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IT in Bangalore
Friday, 21 September 2018 05:29

BANGALORE: Every now and then the question is asked whether Bangalore is losing its attractiveness for technology investments to other cities in India. This has been so for some years, and once again now the question has popped up, thanks to a poll conducted by Assocham (Associated Chambers of Commerce and Industry of India).

 

 

Assocham's: "Bangalore may lose its crown of India's Tech Eden to Gurgaon and Noida in the national capital region which are steadily becoming preferred destinations for companies offering IT, ITeS, BPO, BTO and KPO services.

The chamber's secretary general DS Rawat said, "Bangalore's roads are choked with vehicles, frequent power outages, erratic water supply and poor sanitation are tough problems on account of which Bangalore is losing its lustre to rapidly-developing Gurgaon and Noida." He added that Gurgaon's cosmopolitan culture, modern infrastructure, availability of skilled workforce, proximity to Delhi along with industry-friendly government policies gave it an edge over Bangalore.

Kris Gopalakrishnan, CEO of Infosys Technologies, said data did not prove that Bangalore was losing its sheen. "It's the single largest IT hub, and the city still houses 35% of the country's tech workforce. Ask MNCs, they would say they want to be in Bangalore." He said each city had its own challenges, including problems of infrastructure. He further pointed out that Bangalore, which has a high concentration of IT/ITeS companies, could not be compared with Gurgaon and Noida that have multiple industries.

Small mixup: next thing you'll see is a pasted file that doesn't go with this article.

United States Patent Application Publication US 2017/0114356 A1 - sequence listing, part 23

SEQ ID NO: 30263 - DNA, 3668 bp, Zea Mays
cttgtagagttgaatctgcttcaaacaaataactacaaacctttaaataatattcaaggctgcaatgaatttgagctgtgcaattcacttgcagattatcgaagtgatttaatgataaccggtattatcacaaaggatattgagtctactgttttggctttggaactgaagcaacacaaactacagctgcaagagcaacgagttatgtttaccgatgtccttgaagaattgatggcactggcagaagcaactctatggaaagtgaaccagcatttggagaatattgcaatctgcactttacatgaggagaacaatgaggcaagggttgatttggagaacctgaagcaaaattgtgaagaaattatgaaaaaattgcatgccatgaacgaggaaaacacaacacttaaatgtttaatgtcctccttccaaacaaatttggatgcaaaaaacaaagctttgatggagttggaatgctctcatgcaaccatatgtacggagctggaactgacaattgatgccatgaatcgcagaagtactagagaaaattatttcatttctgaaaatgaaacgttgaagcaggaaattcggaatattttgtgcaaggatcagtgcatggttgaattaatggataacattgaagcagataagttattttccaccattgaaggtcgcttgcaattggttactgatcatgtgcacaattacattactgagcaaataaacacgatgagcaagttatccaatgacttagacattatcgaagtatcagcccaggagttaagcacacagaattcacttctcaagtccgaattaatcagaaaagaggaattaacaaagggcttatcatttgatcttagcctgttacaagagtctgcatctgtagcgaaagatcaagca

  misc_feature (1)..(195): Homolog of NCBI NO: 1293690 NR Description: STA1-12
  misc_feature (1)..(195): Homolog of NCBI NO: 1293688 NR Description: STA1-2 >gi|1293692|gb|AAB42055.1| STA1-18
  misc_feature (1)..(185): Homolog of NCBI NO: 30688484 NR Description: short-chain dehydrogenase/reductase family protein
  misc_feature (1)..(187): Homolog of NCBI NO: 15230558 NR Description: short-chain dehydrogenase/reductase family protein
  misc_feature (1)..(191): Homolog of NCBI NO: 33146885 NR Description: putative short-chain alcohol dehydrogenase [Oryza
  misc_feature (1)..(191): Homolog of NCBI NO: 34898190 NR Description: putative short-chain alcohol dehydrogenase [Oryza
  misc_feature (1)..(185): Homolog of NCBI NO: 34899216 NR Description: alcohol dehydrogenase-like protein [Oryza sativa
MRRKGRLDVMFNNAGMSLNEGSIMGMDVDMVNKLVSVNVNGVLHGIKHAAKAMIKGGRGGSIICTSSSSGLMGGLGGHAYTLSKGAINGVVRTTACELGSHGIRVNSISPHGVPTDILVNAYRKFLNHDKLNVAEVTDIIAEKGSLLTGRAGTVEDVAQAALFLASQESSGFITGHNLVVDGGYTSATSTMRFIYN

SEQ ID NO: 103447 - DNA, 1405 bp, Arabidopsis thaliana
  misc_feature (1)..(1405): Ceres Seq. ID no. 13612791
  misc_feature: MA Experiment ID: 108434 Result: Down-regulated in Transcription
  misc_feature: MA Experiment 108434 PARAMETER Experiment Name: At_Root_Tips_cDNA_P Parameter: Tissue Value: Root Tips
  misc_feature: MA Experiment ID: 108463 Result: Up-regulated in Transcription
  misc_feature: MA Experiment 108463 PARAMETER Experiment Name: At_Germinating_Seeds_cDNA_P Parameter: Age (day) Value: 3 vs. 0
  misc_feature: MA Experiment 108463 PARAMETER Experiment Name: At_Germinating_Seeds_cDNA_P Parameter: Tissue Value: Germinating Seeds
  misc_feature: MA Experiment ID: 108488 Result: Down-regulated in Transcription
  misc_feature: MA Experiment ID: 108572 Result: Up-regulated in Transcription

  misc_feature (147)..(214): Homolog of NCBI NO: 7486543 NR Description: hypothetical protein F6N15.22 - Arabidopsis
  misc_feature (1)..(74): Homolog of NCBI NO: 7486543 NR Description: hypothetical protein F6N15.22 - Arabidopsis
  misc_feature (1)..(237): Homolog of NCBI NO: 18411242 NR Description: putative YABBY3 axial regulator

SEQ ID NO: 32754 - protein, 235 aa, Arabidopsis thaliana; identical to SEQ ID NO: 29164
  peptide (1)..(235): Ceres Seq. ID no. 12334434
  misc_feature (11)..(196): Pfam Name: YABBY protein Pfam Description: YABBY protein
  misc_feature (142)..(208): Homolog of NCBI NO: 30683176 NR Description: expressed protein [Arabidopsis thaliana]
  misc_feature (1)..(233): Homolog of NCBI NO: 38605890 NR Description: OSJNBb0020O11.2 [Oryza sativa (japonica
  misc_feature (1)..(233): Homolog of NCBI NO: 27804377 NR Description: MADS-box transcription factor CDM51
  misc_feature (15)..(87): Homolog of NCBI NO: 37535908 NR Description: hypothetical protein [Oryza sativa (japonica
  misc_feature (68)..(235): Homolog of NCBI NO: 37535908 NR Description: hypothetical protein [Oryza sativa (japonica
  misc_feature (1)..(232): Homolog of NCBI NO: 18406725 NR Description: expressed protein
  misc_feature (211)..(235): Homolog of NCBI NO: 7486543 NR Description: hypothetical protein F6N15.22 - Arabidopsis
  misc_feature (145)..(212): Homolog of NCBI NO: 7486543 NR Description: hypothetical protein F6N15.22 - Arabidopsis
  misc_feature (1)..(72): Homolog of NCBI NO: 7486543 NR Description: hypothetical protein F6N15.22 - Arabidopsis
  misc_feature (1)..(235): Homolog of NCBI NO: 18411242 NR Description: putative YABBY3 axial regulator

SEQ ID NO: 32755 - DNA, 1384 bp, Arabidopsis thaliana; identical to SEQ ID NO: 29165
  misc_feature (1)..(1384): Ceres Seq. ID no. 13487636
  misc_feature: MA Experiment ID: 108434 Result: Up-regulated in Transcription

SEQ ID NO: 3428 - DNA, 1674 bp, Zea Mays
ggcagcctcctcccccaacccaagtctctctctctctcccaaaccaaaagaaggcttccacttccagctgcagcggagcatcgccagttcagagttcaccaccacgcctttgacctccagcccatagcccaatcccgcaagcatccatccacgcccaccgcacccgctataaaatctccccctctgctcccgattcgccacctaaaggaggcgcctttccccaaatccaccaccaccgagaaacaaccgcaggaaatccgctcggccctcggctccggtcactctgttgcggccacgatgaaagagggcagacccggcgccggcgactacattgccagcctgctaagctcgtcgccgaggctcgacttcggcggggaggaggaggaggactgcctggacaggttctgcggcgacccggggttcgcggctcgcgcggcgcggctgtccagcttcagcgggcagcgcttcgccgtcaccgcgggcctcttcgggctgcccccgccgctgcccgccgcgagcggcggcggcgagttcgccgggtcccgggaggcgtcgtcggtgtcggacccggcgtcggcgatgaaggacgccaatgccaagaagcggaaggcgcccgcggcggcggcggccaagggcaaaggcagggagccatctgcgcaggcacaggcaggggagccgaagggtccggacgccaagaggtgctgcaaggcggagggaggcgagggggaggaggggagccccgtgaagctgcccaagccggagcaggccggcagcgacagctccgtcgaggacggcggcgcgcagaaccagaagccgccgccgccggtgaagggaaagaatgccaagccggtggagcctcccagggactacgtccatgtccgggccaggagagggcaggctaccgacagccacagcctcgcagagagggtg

Deepak Patel, CEO of Aditya Birla Minacs, said that in the last 12 years, Bangalore had become a mature IT market, and the rate of growth had reduced now because of its huge base. He says what has changed for Bangalore is the mix of work done here. "The city focuses mostly on high-end functions while low end work has been moving to tier 2/3 locations.''

However, Assocham's view found some support from Russel Smith, chairman of SDD Global Solutions, a legal process outsourcing firm. Bangalore, he said, attracted very few startup firms or new entrants from other parts of the world. "Bangalore's infrastructure is still a big issue and traffic snarls are terrible. Young professionals in Bangalore tell me their entire social life is in their car pool to and from work. There's no time left for much else."

Smith said the attractions of smaller cities such as Mysore were considerable and growing. "The lower cost of living and operating, plus lower levels of pollution and higher levels of beauty, are leading companies to tier-2 cities."